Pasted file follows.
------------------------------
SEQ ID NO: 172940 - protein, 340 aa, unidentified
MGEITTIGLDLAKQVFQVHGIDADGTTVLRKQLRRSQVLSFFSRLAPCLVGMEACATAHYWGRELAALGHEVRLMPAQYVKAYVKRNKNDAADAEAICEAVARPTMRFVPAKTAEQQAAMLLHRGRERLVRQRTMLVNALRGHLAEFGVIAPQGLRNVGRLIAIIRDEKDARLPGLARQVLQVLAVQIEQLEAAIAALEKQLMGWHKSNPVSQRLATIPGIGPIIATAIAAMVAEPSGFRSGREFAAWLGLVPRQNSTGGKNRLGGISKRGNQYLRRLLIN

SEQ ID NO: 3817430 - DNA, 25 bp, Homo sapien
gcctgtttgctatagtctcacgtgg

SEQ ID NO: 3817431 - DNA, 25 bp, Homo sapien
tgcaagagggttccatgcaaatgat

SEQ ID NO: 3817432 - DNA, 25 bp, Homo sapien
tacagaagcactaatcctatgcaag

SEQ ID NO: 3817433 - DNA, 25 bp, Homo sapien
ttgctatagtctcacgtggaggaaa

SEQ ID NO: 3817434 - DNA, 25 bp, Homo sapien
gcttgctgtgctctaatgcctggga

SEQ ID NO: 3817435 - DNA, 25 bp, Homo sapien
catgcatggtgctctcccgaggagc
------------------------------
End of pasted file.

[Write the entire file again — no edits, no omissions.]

SEQ ID NO: 172940 - protein, 340 aa, unidentified
MGEITTIGLDLAKQVFQVHGIDADGTTVLRKQLRRSQVLSFFSRLAPCLVGMEACATAHYWGRELAALGHEVRLMPAQYVKAYVKRNKNDAADAEAICEAVARPTMRFVPAKTAEQQAAMLLHRGRERLVRQRTMLVNALRGHLAEFGVIAPQGLRNVGRLIAIIRDEKDARLPGLARQVLQVLAVQIEQLEAAIAALEKQLMGWHKSNPVSQRLATIPGIGPIIATAIAAMVAEPSGFRSGREFAAWLGLVPRQNSTGGKNRLGGISKRGNQYLRRLLIN

SEQ ID NO: 3817430 - DNA, 25 bp, Homo sapien
gcctgtttgctatagtctcacgtgg

SEQ ID NO: 3817431 - DNA, 25 bp, Homo sapien
tgcaagagggttccatgcaaatgat

SEQ ID NO: 3817432 - DNA, 25 bp, Homo sapien
tacagaagcactaatcctatgcaag

SEQ ID NO: 3817433 - DNA, 25 bp, Homo sapien
ttgctatagtctcacgtggaggaaa

SEQ ID NO: 3817434 - DNA, 25 bp, Homo sapien
gcttgctgtgctctaatgcctggga

SEQ ID NO: 3817435 - DNA, 25 bp, Homo sapien
catgcatggtgctctcccgaggagc